Also, Republican and Reconciliation Start With the Same Letter!

UPDATE:  Man, I gotta lurn how to count.


McArdle.  Someone that BM Matt listens too ought to point out this post and then ask him if he regrets not spitting in her face.  Extra special bonus points to James Joyner who did the original heavy lifting on this EPIC FAIL of anal-izing.  Super double-score multi-ball face-spitting regrets for BM Matt, since it was one of his posts that set the ball rolling - although in Matt's defense (I can't believe I'm doing that again) he managed to read the graphic and/or accompanying description.

D.A.'s point about 8/15ths being "almost every act" is just the tip of the iceberg.  Sure, based on that standard, using reconciliation is just a method of enacting legislation that "almost every" Senator is going to vote for anyways.  But the awesome deadly part is that these idiots are basing their smug "Dummy-craps are dummies" on evidence that totally refutes their point.

So anyways, keep in mind that we're talking about work where the final conclusion is:
The history is clear: While the use of reconciliation in this case — amending a bill that has already passed the Senate via cloture — is new, it is compatible with the law, Senate rules and the framers’ intent.
Anyways, here's Joyner moving on from his "almost every act" bullshit:
The argument that Republicans were more likely to use the process than Democrats is meaningless, simply reflecting the fact that Republicans have dominated the Senate over the period in question.
Really JJ?  Really?  To borrow a phrase Sadly, No!  From 1980 to 2007 there have been 12 15 sessions of Congress with six Dem majority Senates and six eight GOP majority senates (UPDATE: the 107th is the Jim Jeffords Session).  Talk about domination!  If they could have squeezed in one extra year of control, the Republicans would have had the Senate for "almost every year for the period in question".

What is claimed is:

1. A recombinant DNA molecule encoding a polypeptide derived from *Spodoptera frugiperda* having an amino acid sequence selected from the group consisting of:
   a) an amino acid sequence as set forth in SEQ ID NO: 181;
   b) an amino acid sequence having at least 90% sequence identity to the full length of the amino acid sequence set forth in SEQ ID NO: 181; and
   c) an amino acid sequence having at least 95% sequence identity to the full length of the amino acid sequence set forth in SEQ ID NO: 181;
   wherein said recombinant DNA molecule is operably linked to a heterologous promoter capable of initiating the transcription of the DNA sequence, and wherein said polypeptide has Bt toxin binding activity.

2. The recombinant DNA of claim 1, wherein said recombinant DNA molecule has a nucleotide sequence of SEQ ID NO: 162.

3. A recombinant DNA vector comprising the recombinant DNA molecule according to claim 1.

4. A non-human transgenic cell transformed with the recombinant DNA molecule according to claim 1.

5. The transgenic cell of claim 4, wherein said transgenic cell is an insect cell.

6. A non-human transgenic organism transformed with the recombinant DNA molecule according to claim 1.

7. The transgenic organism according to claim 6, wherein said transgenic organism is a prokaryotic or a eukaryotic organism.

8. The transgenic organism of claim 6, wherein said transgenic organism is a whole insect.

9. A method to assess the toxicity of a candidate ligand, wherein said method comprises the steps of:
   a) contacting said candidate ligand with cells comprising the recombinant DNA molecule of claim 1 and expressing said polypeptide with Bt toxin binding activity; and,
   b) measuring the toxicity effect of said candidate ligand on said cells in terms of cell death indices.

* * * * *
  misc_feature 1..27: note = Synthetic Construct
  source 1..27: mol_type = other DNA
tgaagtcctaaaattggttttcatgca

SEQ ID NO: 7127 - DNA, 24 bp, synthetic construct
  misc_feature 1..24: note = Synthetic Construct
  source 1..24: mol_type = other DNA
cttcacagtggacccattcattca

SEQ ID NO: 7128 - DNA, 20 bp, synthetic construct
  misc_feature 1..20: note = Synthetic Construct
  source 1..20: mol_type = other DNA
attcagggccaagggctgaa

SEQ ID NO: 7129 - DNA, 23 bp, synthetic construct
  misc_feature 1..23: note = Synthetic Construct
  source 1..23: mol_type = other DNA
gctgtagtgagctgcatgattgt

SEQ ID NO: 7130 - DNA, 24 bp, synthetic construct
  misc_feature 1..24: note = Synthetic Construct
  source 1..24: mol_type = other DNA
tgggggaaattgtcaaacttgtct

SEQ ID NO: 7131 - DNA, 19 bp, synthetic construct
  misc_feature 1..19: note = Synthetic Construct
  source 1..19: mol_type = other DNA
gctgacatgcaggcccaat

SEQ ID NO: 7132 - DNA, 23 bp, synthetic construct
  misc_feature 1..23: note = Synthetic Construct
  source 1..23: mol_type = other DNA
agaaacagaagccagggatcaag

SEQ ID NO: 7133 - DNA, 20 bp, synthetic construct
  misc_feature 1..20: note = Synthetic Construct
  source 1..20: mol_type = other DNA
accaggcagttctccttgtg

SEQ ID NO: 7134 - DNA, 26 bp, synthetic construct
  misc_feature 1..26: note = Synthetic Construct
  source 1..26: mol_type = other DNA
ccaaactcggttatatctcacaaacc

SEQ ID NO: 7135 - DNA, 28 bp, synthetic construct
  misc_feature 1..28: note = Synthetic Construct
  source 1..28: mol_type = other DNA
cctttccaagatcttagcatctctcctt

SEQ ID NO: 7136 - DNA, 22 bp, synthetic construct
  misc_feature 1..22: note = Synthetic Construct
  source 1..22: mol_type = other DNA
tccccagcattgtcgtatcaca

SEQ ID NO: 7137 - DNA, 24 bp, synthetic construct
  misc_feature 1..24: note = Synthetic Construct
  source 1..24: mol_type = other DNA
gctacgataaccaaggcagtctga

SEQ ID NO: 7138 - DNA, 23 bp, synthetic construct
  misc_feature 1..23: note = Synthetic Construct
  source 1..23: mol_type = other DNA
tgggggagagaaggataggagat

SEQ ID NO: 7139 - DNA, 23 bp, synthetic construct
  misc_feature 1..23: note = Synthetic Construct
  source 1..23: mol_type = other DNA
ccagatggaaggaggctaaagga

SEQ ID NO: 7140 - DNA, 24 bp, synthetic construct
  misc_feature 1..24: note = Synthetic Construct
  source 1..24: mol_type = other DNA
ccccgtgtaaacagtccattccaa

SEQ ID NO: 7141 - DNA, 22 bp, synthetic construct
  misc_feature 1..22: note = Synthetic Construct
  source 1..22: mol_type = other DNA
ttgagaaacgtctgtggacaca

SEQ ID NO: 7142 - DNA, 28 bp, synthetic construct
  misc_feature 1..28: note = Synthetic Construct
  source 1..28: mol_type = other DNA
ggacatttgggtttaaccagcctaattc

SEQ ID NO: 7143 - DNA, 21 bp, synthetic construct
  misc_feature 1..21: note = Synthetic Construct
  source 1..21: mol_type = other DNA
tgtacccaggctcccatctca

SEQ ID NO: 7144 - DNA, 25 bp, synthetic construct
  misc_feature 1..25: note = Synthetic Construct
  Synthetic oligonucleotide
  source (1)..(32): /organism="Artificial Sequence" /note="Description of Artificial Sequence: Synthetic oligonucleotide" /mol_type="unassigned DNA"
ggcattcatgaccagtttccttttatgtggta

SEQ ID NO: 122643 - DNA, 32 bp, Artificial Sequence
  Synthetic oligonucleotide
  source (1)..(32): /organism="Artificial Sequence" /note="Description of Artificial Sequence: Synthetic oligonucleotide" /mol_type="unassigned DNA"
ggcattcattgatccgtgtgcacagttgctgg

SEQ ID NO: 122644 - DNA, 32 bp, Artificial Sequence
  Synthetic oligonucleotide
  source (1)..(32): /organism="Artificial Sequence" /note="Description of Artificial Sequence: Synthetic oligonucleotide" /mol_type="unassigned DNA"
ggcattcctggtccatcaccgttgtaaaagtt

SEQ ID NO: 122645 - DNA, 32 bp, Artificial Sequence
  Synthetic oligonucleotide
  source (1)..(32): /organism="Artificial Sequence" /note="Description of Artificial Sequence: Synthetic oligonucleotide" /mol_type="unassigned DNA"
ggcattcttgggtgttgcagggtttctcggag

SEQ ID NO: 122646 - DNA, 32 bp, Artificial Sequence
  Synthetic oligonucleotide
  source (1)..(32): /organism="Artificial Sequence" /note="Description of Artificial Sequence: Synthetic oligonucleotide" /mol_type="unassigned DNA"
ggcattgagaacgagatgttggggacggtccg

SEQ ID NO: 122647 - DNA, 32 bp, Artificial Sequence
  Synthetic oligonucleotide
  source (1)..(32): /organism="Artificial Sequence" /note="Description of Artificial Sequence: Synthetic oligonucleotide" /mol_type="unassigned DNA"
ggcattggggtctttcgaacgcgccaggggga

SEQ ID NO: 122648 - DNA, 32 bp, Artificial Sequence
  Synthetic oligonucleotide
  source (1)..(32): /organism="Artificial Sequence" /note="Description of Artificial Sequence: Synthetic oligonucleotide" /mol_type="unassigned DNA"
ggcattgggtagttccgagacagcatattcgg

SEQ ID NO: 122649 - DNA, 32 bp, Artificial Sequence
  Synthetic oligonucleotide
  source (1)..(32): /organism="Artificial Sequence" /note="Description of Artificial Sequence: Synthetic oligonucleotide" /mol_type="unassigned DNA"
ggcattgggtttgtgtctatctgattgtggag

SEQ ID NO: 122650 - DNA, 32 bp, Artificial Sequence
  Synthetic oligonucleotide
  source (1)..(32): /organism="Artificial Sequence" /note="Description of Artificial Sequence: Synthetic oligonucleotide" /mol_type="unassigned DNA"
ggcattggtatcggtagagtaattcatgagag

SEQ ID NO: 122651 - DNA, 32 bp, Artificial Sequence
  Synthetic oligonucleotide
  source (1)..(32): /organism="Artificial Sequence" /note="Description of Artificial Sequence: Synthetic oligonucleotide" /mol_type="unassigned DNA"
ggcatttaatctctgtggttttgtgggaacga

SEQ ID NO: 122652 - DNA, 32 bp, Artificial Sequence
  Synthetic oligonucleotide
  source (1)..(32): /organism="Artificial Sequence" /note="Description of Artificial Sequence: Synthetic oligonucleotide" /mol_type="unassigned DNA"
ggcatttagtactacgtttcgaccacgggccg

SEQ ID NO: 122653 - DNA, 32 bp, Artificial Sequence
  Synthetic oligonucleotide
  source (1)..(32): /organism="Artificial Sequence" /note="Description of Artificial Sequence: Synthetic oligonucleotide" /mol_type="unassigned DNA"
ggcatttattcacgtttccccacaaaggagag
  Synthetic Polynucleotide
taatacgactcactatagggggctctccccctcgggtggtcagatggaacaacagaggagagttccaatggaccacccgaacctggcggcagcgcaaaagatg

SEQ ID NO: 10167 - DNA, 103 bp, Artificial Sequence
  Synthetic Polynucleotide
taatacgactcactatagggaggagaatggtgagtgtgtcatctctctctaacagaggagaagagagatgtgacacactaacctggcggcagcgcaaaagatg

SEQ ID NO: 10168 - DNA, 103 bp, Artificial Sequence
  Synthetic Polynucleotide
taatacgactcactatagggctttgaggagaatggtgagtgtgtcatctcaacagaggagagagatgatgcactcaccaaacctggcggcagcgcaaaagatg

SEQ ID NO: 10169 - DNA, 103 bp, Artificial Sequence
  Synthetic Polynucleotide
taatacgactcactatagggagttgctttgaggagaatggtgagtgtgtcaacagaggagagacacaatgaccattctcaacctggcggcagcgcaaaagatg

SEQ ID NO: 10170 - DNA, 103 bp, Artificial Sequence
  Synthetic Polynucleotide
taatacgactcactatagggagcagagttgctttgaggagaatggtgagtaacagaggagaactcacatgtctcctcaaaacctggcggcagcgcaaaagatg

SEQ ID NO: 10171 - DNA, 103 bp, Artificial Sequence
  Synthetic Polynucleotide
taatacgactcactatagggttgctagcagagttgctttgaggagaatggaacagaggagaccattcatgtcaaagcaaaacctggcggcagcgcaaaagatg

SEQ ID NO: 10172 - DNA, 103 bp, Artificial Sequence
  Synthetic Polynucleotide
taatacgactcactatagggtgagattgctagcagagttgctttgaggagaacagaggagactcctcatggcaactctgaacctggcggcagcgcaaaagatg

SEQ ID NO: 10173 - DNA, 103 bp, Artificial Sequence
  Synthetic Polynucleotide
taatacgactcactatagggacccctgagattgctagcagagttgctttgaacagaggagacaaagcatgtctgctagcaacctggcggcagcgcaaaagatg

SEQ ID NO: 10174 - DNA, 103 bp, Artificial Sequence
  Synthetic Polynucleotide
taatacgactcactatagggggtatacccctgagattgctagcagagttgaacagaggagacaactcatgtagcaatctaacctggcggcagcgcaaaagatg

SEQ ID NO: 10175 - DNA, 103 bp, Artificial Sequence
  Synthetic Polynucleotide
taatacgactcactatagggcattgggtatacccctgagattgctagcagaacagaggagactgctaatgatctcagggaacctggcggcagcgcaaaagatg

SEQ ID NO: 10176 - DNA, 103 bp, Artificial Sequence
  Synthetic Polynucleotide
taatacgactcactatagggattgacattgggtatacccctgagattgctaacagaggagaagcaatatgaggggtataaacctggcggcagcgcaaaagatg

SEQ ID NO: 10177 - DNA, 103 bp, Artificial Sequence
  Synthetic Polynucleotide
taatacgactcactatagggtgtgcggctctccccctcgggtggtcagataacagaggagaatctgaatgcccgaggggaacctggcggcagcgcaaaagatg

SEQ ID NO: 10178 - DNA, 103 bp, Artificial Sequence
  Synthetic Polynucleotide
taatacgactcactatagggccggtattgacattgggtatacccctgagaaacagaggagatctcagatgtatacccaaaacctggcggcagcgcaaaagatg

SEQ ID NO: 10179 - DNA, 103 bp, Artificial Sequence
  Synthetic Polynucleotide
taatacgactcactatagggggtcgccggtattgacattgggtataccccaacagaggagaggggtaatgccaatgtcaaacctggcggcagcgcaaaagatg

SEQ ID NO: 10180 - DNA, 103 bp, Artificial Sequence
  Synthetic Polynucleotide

Anyways, let's get back to the point - just how unprecedented is this reconciliation attempt?

As it turns out, not at all.  Here's Joyner again:
The two outliers: The 1996 welfare reform act and the 2007 student aid package. Why those were passed under reconciliation isn’t made clear.
IOW, other than the two other times it happened, including the most recent application - totally unprecedented.  Never before, except for those two times.  Nope.  But, let's pretend that those don't count, I mean it's only fair that he be allowed to totally ignore at least some facts before trying to make an argument.

Okay, let's ignore that Joyner has already proven himself fundamentally wrong on this.  Next he says that it's only been used for that purpose 7 times since 1980.  Well, that may be 7 more times than he's said anything correct in his post, but it aint' really "rare".  For example, the Yankees have only made it to the World Series 7 times in that time frame, so that's also "rare", right?  Nevermind the point that these cases only represent times when the threat of reconciliation hasn't made the minority shift it's position - nor the times when shitbag Senators switch to supporting actions they wanted to filibuster.  Regardless, let's use his bullshit metric and consider just those seven occasions.  If you look at the NYT graphic, it lists out what the policy effects of the reconcilliation bill are laid in a column titled "Policy".  Now I know that these jerkwads want to ignore policy, but let's just take a glance and see how omany of those seven occassions were related to health care... it's four.  4/7.  ALMOST EVERY TIME !!!!111one!

I'd say that this type of garbage, this level of incredible stupidity is unprecedented but:
1.  I know what unprecedented means
2.  I've read McArdle before.

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